India trade policies and “self reliance” focus could be bad news for Australia

As China continues a trade war with Australia, news from India would be a concern to those who see India as an alternative market to China.

In his India Independence Day speech, Prime Minister Narendra Modi launched “Atma Nirbhar Bharat Abhiyan” (Indian self-reliance). This would have set the alarm bells ringing in Austrade and the Government.

It sounds like protectionism, looks like protectionism and seems impossible to achieve without protectionism – but everyone in India is busy telling us it is not protectionism.

Even so, the speech by PM Modi gave a call for reducing imports and pushing exports of finished products in place of raw material, saying the country will have to move forward with the mantra of ‘Make in India’ as well as ‘Make for World’.

External Affairs Minister (EAM) S Jaishankar later clarified, saying that Atma Nirbhar Bharat merges domestic production and consumption with global supply chains. He added that it’s not about being self-contained or being closed to the world rather being self-sustaining and self-generating.

China has imposed an 80 percent tariff on barley imports from Australia in retaliation for Canberra’s demand for an independent investigation into the origins of the COVID-19 pandemic. This will cost Australian farmers AU$500 million annually. It has also hit imports of Australian wines.

Can Australia turn to India as an alternative? For wines, probably not – Australia is seen as a source of non-premium cheap wines in India so our premium sales to China would not appeal there – at least not without a lot of marketing.

Here’s what I think Atma Nirbhar Bharat means India will do:

  1. Reduce its over-dependence on other countries for trade by focusing on inward manufacturing.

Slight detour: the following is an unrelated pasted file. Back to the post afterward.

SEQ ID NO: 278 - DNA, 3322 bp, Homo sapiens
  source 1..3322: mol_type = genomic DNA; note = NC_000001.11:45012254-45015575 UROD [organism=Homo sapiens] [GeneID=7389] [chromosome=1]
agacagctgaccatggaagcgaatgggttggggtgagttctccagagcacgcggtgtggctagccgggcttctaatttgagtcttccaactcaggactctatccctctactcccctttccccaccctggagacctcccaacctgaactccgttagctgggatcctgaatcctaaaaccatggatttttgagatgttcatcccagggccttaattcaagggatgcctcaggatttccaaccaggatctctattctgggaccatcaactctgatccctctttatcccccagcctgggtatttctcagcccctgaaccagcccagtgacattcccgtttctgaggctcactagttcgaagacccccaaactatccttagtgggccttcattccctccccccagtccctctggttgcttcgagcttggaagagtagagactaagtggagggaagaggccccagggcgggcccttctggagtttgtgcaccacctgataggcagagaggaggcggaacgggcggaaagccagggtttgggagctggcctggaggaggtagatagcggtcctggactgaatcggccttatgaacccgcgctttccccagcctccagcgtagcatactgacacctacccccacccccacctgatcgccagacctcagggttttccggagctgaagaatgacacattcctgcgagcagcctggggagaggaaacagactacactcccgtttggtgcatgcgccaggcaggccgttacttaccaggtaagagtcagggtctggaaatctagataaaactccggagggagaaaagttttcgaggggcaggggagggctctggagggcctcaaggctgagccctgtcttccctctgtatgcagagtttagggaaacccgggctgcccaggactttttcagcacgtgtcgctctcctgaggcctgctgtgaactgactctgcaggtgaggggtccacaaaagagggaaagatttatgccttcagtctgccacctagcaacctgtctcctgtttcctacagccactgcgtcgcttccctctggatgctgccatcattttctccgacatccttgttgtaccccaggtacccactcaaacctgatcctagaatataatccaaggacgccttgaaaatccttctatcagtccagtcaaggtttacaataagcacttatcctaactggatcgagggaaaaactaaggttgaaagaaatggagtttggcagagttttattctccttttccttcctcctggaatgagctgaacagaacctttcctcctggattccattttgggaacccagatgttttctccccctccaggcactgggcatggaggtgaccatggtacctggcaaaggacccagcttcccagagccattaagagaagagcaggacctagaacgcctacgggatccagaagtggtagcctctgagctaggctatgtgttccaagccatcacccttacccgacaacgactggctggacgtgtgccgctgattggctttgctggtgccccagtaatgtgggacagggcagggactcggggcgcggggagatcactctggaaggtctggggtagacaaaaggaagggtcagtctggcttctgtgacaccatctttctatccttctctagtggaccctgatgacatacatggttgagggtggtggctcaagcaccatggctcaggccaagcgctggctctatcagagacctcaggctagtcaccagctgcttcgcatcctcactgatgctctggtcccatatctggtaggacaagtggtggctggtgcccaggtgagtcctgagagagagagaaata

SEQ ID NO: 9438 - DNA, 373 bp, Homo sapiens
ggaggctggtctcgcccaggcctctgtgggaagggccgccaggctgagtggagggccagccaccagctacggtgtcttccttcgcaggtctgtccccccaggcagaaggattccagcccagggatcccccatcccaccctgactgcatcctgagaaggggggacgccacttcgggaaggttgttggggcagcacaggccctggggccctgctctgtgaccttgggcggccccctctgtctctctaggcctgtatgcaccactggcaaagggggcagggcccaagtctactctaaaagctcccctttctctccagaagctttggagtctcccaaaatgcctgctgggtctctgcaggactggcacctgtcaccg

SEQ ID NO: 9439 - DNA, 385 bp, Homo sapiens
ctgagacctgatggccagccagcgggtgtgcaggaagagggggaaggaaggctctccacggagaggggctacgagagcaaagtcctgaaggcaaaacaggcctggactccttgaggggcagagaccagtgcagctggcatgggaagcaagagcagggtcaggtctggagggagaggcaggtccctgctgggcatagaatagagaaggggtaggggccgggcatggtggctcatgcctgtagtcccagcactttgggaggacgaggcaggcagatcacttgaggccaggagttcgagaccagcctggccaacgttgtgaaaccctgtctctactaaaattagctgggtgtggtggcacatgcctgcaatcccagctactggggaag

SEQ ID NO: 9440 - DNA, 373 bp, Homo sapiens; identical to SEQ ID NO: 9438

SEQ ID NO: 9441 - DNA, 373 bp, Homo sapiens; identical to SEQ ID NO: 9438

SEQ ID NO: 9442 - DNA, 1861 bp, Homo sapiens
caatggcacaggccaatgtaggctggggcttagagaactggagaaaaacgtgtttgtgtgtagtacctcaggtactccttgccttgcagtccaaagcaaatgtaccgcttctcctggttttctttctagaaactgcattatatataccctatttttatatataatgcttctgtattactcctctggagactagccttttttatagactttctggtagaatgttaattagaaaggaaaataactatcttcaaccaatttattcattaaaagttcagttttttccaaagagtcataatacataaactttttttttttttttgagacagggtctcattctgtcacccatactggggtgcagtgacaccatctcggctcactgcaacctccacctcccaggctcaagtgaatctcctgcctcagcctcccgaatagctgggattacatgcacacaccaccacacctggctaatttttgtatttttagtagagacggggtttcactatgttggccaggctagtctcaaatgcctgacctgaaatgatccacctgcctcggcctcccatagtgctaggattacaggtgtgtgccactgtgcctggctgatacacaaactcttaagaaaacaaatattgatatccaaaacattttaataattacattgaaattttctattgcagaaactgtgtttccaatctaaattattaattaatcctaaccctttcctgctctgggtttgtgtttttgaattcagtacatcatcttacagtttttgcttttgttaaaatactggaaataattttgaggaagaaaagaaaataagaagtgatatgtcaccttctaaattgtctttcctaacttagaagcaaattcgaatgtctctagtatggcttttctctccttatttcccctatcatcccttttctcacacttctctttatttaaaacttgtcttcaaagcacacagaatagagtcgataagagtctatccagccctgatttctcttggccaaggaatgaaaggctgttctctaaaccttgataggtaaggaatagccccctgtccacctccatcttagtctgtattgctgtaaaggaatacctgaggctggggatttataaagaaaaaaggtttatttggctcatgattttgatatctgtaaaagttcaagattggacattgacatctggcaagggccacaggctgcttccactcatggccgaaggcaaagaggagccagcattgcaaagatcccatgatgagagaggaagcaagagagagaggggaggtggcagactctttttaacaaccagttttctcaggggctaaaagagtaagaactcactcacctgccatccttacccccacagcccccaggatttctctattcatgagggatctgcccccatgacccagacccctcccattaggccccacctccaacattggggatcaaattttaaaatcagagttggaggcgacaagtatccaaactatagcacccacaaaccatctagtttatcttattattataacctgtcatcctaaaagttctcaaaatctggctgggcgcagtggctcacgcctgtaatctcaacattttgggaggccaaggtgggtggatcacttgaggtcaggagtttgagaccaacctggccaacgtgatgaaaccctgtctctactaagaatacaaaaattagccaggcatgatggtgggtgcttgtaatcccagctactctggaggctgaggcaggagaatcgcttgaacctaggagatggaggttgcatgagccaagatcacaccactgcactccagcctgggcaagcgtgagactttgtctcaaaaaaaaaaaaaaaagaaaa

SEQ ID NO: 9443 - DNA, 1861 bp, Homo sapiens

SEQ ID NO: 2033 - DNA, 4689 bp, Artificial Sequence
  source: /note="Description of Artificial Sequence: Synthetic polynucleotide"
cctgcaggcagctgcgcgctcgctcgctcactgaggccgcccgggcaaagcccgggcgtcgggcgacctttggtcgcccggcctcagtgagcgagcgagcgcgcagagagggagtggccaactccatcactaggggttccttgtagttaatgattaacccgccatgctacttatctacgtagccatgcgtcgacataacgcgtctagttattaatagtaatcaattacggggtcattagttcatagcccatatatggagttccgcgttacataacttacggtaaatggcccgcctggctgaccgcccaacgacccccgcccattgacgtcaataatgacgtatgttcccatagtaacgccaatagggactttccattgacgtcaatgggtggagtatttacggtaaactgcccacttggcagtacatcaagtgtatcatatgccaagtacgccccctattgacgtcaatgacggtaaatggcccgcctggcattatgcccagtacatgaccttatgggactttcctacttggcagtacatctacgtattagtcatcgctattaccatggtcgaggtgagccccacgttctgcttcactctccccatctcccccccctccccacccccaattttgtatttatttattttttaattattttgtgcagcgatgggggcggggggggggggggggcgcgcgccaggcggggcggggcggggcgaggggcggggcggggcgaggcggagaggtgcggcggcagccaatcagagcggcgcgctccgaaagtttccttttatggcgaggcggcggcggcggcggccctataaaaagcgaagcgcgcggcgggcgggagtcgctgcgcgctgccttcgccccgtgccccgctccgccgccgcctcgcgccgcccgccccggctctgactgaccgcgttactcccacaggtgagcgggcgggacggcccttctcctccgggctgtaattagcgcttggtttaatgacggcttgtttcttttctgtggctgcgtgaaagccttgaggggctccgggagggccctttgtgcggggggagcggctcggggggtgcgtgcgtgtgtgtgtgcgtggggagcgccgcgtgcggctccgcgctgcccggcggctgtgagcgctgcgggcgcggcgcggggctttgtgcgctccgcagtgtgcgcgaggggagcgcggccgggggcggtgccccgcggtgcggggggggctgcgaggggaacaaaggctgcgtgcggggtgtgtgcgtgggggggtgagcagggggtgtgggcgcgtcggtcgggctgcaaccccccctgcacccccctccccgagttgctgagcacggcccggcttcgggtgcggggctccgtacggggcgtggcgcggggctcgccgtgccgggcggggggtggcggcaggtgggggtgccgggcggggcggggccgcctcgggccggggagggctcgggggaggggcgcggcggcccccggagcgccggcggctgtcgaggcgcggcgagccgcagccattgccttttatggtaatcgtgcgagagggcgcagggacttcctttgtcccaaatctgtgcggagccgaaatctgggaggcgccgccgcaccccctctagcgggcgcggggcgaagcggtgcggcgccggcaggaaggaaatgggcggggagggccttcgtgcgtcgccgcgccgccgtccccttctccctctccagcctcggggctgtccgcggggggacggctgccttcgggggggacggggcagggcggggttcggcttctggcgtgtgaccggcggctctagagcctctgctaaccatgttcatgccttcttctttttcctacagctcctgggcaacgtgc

2. Promote Indian products, brands and services by becoming “VOCAL FOR LOCAL”; and
  3. Continue to trade with other countries but aim to eliminate trade imbalances and, where possible, adopt a mercantilist approach to international trade.

So, Australia and other potential trading partners with India will have to make up their own minds. For for now, Atma Nirbhar Bharat does not look like good news for them.

Author: Stephen Manallack

Former President, Australia India Business Council, Victoria and Author, You Can Communicate; Riding the Elephant; Soft Skills for a Flat World (published by Tata McGraw-Hill INDIA); Communicating Your Personal Brand. Director, EastWest Academy Pty Ltd and Trainer/Speaker/Mentor in Leadership, Communication and Cross Cultural Communication. Passionate campaigner for closer western relations with India. Stephen Manallack is a specialist on “Doing Business with India” and advisor/trainer on “Cross-Cultural Understanding”. He is a Director of EastWest Academy Pty Ltd which provides strategic advice and counsel regarding business relations with India. A regular speaker in India on leadership and global communication, his most recent speaking tour included a speech to students of the elite Indian university, Amity University, in Noida. He also spoke at a major Federation of Indian Chambers of Commerce and Industry (FICCI) global summit, the PR Consultants Association of India in Delhi, the Symbiosis University in Pune and Cross-Cultural Training for Sundaram Business Services in Chennai. He has visited India on business missions on 10 occasions and led three major trade missions there. He provides cross-cultural training – Asia and the west.

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